Ami: In my opinion, that is what you’re saying. I’d be interested to hear why you disagree with my characterization of your position. It seems that if Israelis DIDN’T keep track of the death toll, you’d criticize them for insufficient interest in their government’s crimes. And when they DO keep track, it must be for a malicious reason. Is this not correct? Or would you prefer that the Israeli news not report the Palestinian body count? I might concede the point if the newscaster said something to suggest the malicious ballgame mentality you’re ascribing to him – did he? Or is that explanation just your creative interpretation?

      Reply to Comment
    10. @jazzy – once again, and actually, for the last time – that’s not what I’m saying.
      .
      Also, I don’t work for you and feel no need to supply hasbarists with any explanations whatsoever.
      .
      So, unfortunately, you can say what you want on my channel – as long as it’s not putting words in my mouth. I hope you finally understand this (I don’t think it’s that hard), because I’m losing my patience with you, as you can see.

      Reply to Comment
    11. Philos

      Ami, don’t get so angry. Their arguments simple reinforce the point that the only thing they’ve got is body count. There is no strategy, no answer, no clue. Hopefully the average Israeli the same thing before its too late and vote out the cowards that run the show now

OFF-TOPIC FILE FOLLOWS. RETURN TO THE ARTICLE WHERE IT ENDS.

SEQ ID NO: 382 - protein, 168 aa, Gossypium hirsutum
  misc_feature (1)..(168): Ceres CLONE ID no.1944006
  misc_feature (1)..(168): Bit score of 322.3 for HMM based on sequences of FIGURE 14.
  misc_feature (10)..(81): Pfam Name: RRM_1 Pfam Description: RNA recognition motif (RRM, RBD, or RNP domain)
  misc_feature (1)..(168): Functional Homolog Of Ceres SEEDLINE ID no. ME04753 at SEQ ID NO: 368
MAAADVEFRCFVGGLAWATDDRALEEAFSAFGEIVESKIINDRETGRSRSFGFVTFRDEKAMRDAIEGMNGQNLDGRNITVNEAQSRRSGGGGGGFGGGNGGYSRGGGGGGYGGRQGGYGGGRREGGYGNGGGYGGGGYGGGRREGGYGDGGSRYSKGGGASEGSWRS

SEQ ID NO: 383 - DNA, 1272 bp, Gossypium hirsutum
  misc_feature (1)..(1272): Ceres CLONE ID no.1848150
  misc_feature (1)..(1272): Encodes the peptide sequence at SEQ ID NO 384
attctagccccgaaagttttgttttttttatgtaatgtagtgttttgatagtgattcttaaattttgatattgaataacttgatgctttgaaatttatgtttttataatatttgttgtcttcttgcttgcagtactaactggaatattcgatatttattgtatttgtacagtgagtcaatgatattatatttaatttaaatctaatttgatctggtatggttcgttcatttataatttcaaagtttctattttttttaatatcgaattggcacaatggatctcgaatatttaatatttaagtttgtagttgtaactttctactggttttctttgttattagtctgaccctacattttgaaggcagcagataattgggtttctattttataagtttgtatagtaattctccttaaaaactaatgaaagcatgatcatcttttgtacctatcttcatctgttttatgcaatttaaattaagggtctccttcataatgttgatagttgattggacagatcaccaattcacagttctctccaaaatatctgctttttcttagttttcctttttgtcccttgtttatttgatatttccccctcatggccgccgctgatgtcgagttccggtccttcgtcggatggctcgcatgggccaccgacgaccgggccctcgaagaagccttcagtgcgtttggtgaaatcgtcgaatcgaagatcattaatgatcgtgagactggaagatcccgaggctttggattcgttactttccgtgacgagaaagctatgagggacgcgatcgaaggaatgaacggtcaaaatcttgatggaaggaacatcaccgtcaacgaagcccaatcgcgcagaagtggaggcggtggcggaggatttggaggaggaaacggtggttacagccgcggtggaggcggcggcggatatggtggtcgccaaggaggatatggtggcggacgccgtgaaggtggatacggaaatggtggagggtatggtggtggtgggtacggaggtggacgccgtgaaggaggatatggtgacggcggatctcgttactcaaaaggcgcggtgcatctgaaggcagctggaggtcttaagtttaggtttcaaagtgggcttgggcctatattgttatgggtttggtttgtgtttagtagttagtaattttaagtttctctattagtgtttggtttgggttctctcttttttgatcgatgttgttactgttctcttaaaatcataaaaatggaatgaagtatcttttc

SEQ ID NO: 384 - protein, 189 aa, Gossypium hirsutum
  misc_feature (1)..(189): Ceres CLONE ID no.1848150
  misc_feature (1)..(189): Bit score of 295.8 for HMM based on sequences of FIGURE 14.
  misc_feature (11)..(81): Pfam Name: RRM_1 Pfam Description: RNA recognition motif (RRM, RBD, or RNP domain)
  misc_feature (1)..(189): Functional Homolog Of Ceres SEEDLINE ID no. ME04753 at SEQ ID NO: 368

Reply to Comment
    12. Shimon

      And it all adds up to…

      …a genocide

      Reply to Comment
    13. AIG

      Ami,

      Look how wikipedia describes most modern wars. Take for example the 6 day war:
      http://en.wikipedia.org/wiki/Six-Day_War

      Look at the right, they display casualties in a prominent box in a very similar manner.

      I think it is important to know that context in which the numbers were displayed. Was the announcer gloating? Was he reporting in a matter of fact way? It is not fair in my opinion to jump to conclusions just based on the picture.

      Reply to Comment
    14. Dhalgren

      @AIG
      I’m not sure comparing an online encyclopedia and a news broadcast makes sense, as I think the criticism here is less of the visual format of the score keeping and more of the informational oversimplification and selectivity. Readers of Wikipedia articles can explore the complexities of those numbers at their leisure, after all. To be sure, this phenomenon is hardly unique to Israel. I think this is fundamentally a critique of lazy news media habits in general. They tend to want to portray complex issues as much like a simple sporting match as possible. Wherever you are, when this is applied to conflict and war, it contributes to a dangerous mentality.

      Reply to Comment